Different uses of the word Wicca

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I mentioned already that people use the term Wicca in a wide variety of ways. On one hand, it makes some things easier (you can share a general idea of the broad foundation of what you do fast.) On the other hand, it makes a lot of things much harder – because people use the term Wicca to cover everything from an initiatory priesthood tradition focusing on specific religious mysteries to “Well, I work only by myself, like celebrating Samhain and Beltane, but I don’t really believe in the Gods and I rarely do magic”.

It’s not that one of these is categorically better than the other – one may be great for a specific person. But rather, when we use the same word to refer to a wide range of things, it can get hard to figure out how to find people who share what we do – or who can help answer our specific questions.

Five clusters of definition:

In my experience talking to a wide range of people, there seem to be five broad way people use the word “Wicca”. There is some variation in how terms are used (see cluster 1 for an example) that’s regional/national, too – the ones I’m talking about here are US/Canada dominant ones because Wicca’s grown in the US in slightly different pathways.

1) Initiatory oathbound mystery priesthood tradition with specific roots

This is the most specific, traditional, and focused definition of Wicca. It’s sometimes referred to as British Traditional Wicca in the United States, to separate it from other forms of Traditional Witchcraft. (This usage is more common in the US than the UK, and UK folks are sometimes confused by it.)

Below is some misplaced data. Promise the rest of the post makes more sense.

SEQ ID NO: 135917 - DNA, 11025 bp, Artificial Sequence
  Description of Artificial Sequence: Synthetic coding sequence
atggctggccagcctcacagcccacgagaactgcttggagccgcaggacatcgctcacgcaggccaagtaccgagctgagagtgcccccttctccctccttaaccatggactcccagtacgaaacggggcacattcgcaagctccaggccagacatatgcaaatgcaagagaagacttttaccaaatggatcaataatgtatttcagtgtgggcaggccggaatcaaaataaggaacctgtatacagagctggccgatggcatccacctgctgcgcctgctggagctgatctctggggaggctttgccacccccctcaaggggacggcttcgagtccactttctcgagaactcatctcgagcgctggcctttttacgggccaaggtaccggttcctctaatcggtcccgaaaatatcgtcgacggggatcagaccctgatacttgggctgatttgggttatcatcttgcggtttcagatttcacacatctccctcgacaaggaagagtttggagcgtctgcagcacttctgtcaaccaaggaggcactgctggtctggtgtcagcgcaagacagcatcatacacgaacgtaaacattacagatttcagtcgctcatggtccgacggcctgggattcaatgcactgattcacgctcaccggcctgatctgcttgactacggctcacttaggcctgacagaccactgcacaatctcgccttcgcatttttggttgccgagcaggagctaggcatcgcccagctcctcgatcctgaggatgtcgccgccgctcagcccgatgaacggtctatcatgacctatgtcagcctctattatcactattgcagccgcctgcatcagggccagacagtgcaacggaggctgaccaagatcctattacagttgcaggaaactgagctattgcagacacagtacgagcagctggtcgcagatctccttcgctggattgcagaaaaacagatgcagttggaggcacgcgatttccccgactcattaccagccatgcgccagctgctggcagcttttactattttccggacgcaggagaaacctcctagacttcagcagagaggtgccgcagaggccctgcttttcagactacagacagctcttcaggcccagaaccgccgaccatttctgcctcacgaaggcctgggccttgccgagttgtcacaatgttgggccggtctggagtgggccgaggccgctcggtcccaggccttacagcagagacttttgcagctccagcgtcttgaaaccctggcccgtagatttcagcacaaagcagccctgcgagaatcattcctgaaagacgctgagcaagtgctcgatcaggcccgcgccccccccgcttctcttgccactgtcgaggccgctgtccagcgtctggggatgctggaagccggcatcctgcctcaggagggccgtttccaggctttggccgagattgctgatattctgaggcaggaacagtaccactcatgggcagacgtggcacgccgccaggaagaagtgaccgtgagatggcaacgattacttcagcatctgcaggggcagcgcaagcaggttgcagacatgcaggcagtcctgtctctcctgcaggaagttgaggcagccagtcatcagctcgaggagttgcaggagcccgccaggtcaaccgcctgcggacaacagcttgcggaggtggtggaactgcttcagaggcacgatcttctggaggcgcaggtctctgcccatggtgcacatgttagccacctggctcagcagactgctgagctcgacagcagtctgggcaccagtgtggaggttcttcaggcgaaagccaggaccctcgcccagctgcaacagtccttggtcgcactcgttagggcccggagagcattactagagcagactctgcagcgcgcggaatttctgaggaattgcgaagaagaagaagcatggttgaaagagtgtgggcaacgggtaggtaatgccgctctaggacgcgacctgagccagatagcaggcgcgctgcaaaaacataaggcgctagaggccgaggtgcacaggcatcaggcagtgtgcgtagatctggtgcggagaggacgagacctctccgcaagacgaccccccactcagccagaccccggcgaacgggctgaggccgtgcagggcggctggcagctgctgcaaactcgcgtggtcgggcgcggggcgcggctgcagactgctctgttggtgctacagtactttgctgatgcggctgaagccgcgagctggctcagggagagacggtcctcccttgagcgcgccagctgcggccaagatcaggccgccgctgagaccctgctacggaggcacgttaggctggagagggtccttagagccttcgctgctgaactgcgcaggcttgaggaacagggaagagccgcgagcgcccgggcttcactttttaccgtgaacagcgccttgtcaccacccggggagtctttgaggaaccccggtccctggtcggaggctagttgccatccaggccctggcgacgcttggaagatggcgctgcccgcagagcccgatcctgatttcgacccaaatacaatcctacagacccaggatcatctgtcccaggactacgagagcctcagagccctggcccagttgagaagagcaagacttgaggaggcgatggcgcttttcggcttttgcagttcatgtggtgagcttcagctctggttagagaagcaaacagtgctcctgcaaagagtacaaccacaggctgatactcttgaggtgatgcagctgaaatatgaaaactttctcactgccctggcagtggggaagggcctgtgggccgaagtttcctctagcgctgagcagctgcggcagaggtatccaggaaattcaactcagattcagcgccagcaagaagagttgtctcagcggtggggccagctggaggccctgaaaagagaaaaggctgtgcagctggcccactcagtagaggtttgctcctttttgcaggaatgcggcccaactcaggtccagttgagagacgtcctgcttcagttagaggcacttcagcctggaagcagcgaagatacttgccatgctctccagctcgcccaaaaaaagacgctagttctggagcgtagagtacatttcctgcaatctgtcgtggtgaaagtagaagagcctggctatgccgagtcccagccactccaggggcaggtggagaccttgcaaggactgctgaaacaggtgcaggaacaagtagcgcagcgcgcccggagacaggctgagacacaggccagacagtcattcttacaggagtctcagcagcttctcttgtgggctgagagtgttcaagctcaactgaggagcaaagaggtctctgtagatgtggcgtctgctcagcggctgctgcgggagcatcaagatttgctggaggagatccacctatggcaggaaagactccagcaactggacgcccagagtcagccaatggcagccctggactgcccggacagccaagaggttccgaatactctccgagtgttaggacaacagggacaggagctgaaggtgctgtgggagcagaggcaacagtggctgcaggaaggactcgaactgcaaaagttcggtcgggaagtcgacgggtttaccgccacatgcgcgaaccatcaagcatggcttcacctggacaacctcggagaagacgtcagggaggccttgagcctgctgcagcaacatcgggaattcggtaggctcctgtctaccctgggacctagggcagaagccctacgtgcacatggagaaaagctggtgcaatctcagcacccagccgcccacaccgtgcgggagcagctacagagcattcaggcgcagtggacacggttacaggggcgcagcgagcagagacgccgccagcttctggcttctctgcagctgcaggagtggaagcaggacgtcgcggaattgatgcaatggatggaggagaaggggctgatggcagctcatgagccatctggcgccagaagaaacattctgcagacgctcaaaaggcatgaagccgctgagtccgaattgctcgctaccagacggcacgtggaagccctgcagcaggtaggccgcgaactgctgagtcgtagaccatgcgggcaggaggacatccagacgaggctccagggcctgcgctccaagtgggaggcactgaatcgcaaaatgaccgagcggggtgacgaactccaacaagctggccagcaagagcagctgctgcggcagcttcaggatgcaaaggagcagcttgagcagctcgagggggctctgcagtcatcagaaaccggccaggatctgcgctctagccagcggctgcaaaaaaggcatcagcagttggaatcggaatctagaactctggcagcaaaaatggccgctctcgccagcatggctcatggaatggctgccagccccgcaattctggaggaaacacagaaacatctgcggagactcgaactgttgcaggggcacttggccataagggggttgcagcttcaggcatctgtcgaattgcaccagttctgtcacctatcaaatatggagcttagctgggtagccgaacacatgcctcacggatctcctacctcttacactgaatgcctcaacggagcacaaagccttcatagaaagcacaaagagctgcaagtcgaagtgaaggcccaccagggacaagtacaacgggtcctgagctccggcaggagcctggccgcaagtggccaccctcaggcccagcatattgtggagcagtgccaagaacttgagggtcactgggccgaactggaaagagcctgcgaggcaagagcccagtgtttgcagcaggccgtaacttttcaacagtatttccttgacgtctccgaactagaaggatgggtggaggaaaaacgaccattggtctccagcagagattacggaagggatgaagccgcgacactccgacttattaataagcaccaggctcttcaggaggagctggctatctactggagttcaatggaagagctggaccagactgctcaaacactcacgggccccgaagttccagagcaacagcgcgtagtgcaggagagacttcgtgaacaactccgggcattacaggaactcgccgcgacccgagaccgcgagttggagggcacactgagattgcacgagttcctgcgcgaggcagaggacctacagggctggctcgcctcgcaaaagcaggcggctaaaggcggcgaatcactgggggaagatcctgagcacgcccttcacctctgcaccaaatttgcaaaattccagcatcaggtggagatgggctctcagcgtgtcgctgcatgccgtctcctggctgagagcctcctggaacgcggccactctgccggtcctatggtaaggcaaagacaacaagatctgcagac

In this definition, Wicca is

  • initiatory (passed from one person to the next by shared experience in specific rituals and practices.)
  • oathbound (specific material is private within the tradition.)
  • mystery (focuses on specific religious mysteries: God/Goddess polarity, the Descent of the Goddess and sacrifice of the God, etc.)
  • priesthood (every initiate is a priest or priestess dedicated to specific Gods.)
  • tradition (shared practice)
  • which directly descends from the New Forest area
  • through a line of direct initiatory lineage. (i.e. each initiation connects one to a direct chain that reaches back to Gardner or someone else in the New Forest coven.)

There are initiatory traditions that come from other places (other places in England, other places in the British Isles, other places in Europe or in the world) – but by this definition, those are not Wicca. Likewise, traditions which do not include the above core practices (in specific ways) along with direct lineage aren’t Wicca either, but another kind of religious witchcraft.

2) Initiatory religious witchcraft tradition

In this use, Wicca is a religious witchcraft path which shares a majority of common traits including an initiatory practice into the group with specific standards and practices, but does not share a direct lineage of practice or energy to the New Forest area or the traditions which come from there. (In other words, the same things as the above definition, except that it does not trace back directly to the New Forest area).

3) Religious witchcraft tradition with shared practices and roots

In this use, Wicca is used for a wide range of religious witchcraft traditions which have a majority of common traits including with people drawing lines at slightly different places about what that means. However, it may not involve an initiatory practice, and people may work entirely solitary. This is the version the Wiccan Church of Canada uses, and it’s one that’s got a certain amount of traction.

The difficulties lie in where you draw the majority line, and which practices people think are core. (The question of ‘self-initiation’ is widespread in the community at large, but not something I’m going to get into in this essay, or we’ll be here for weeks.)

4) Religious witchcraft tradition with some basic concepts